- May help lower the risk for breast and ovarian cancers, diabetes, and certain other diseases in mothers
- Is more cost effective – money can be spent on things other than formula
- Flexibility: anyone can feed your baby. Dad, grandparents, caregivers… it also gives them time to bond with her
- Convenience: some moms may not feel comfortable nursing in certain public spaces or situations. Formula feedings can happen anywhere at anytime.
- Keeps baby fuller for longer stretches, so mom can likely get more sleep
- Diet: mom doesn’t have to worry about adding extra onions and garlic, she can even have wine! Baby won’t ingest whatever mom is eating and drinking so she can indulge in all of her favorites with little worry
What are the advantages of breastfeeding?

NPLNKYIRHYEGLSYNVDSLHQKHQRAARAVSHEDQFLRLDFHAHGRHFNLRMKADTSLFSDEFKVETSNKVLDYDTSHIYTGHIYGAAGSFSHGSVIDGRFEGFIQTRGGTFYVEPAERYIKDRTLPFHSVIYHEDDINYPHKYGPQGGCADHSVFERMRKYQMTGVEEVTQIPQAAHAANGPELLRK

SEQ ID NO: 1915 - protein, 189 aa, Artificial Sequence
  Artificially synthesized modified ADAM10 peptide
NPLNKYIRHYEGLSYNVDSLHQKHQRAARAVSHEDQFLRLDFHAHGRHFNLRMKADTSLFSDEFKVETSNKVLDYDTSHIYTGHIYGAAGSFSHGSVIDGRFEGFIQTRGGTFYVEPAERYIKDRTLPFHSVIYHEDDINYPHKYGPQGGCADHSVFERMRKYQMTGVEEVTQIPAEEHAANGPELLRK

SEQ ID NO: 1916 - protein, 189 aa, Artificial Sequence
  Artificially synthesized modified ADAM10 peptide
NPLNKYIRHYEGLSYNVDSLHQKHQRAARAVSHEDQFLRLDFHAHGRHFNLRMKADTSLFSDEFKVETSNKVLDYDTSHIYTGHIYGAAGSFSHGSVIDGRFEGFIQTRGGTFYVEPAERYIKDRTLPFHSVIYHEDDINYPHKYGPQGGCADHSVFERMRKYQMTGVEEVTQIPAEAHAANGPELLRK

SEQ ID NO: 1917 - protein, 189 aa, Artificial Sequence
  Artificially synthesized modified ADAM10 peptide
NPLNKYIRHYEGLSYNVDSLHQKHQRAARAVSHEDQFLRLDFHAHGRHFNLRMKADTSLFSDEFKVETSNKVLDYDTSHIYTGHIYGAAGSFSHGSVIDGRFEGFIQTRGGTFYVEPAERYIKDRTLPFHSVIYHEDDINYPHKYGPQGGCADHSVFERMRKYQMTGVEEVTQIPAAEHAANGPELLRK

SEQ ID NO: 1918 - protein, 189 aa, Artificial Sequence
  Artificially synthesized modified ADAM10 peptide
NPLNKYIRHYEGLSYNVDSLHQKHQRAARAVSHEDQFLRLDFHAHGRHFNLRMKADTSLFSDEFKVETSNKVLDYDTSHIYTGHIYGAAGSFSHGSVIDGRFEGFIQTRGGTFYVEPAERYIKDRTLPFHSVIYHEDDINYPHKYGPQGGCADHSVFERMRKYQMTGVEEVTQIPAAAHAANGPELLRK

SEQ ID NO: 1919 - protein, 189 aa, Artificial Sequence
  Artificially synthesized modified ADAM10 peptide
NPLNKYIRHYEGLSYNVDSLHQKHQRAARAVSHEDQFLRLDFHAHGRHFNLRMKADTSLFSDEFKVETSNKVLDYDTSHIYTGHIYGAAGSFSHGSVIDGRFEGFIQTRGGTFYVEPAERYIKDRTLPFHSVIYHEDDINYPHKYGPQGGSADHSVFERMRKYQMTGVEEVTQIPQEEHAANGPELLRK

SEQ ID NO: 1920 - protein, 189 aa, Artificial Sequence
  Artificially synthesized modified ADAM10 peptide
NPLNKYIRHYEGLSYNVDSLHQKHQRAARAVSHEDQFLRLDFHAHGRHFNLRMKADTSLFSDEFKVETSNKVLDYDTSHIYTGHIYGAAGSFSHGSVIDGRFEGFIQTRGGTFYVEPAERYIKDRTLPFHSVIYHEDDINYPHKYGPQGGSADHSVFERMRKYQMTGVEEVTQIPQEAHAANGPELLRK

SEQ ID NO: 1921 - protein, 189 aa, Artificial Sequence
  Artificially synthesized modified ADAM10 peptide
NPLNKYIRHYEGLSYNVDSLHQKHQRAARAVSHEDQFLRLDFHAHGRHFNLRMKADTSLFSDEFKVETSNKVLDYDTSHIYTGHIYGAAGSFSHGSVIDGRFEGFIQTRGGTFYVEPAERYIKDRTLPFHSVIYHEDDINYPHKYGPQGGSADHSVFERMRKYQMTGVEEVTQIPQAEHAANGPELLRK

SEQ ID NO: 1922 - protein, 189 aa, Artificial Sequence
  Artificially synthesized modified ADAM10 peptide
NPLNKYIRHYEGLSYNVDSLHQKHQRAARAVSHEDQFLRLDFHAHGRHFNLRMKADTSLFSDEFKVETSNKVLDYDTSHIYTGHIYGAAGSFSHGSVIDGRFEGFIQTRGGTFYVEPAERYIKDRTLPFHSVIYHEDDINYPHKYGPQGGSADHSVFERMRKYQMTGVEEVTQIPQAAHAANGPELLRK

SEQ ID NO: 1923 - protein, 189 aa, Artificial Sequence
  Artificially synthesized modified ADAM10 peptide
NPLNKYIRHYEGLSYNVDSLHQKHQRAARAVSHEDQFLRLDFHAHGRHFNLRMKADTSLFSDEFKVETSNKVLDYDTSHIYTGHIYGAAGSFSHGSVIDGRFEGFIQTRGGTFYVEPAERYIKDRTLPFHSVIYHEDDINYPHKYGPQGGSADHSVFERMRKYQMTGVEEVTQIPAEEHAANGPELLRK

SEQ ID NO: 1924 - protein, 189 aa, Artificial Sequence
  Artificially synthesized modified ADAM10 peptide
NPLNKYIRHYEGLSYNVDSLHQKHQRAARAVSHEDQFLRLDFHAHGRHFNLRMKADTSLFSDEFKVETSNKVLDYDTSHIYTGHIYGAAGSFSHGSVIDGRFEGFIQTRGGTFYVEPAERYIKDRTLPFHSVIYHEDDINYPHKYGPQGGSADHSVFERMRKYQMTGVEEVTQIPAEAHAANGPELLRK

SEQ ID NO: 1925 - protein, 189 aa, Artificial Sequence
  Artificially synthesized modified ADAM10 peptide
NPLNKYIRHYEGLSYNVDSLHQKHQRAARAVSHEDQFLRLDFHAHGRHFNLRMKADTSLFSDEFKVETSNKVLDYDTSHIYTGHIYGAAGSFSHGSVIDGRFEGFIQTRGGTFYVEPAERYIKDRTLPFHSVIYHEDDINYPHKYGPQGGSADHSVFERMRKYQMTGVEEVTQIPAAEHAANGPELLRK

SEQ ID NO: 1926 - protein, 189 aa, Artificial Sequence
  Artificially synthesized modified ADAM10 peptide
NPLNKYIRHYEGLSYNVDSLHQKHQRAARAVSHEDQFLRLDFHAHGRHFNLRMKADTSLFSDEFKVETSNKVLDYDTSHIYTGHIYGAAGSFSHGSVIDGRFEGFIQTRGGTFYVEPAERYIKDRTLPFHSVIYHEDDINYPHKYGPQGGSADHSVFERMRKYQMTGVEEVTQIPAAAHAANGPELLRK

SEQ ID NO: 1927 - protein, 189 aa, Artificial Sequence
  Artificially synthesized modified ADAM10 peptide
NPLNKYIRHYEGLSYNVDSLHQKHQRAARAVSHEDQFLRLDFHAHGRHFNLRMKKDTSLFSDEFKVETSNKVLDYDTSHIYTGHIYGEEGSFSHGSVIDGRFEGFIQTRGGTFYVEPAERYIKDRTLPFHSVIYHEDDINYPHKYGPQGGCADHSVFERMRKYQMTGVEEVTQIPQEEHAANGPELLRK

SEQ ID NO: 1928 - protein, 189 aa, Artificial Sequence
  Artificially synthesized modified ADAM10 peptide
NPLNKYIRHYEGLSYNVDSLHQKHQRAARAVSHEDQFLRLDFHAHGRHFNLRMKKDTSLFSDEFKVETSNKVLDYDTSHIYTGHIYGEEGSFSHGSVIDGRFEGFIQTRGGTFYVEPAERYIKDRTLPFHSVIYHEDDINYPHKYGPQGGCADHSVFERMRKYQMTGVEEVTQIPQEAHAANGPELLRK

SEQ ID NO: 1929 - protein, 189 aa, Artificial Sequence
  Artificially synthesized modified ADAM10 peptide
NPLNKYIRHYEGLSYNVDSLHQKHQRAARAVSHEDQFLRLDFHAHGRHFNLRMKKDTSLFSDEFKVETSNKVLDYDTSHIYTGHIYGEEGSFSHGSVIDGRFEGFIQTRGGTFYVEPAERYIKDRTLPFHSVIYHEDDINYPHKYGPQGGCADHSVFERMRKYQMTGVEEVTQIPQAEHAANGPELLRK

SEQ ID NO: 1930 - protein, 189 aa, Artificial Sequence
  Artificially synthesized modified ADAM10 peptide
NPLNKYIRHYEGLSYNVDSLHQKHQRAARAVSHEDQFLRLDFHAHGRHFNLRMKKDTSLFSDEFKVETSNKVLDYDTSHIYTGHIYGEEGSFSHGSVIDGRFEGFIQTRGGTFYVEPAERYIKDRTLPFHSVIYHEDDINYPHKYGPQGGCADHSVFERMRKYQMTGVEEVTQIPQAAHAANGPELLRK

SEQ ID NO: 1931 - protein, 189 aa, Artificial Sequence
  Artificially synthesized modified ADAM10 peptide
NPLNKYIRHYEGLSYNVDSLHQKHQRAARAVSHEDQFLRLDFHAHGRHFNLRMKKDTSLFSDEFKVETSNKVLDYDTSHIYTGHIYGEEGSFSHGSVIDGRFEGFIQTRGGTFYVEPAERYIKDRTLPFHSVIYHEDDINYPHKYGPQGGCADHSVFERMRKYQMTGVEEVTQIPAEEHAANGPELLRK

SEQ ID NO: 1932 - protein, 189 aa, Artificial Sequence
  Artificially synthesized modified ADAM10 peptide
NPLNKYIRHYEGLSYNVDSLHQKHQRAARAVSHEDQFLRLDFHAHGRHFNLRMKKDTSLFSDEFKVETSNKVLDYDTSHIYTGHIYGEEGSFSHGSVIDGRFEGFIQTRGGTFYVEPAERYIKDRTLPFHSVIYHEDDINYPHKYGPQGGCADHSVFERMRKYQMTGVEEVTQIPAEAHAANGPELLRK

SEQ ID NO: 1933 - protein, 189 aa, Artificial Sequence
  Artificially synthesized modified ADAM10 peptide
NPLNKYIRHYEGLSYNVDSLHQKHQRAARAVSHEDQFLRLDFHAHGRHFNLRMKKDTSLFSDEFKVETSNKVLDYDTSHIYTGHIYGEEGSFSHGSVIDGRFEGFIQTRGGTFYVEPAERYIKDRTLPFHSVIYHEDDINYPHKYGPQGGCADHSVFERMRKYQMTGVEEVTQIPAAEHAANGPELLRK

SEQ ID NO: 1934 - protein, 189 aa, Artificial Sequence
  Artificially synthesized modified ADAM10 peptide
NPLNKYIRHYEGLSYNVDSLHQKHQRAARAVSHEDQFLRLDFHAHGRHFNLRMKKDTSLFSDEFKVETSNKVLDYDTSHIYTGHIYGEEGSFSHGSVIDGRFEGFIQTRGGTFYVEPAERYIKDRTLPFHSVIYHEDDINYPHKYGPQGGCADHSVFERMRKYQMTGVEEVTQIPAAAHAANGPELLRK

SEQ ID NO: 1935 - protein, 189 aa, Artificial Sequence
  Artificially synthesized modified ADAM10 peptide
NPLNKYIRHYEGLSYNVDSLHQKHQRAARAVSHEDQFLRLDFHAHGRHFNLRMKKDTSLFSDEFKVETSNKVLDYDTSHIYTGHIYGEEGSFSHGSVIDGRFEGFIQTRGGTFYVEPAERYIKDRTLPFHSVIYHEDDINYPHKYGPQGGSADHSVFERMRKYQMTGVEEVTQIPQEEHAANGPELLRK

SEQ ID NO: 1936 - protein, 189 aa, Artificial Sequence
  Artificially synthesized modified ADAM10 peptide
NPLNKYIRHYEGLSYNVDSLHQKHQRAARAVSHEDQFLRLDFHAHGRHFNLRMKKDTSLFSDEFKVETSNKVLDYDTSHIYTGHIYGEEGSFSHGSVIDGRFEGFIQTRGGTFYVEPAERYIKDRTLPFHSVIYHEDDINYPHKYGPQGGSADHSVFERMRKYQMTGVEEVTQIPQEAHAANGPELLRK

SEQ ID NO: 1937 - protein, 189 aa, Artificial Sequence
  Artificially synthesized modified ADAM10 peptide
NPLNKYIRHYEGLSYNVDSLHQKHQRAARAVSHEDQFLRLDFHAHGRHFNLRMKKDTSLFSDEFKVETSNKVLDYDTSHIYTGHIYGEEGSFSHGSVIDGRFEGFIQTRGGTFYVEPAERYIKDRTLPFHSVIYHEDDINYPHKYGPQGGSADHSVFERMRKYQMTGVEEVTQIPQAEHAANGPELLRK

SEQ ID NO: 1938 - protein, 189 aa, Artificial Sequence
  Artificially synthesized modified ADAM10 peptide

In addition to skin-to-skin contact, snuggle time and overall bonding with your little one, the advantages of breast feeding are plentiful! Breast milk contains antibodies that help your baby fight off viruses, lower her risk of asthma and allergies, and typically, babies who are breastfed have fewer ear infections and less tummy trouble overall. If you’re interested in breastfeeding but find it all consuming or stressful in any way, keep in mind that you can breastfeed and use formula at the same time. Or breastfeed when possible and supplement with formula.
What are the advantages of formula feeding?
Flexibility, inclusiveness and convenience are some of the stand out benefits of formula feeding. Some families prefer it as dads, partners and care-givers can get in on the action! True, breastfed babies can drink mothers’ milk from a bottle, but because breastfeeding isn’t for everyone, and because there are so many formula options available, for some families, formula is best! And for some families, breast and formula fed babies are the happiest babies! Remember that formula offers the best possible alternative to breast milk. Formula feeding also allows moms to eat a wider variety of food as their choices won’t end up in baby’s sensitive tummy!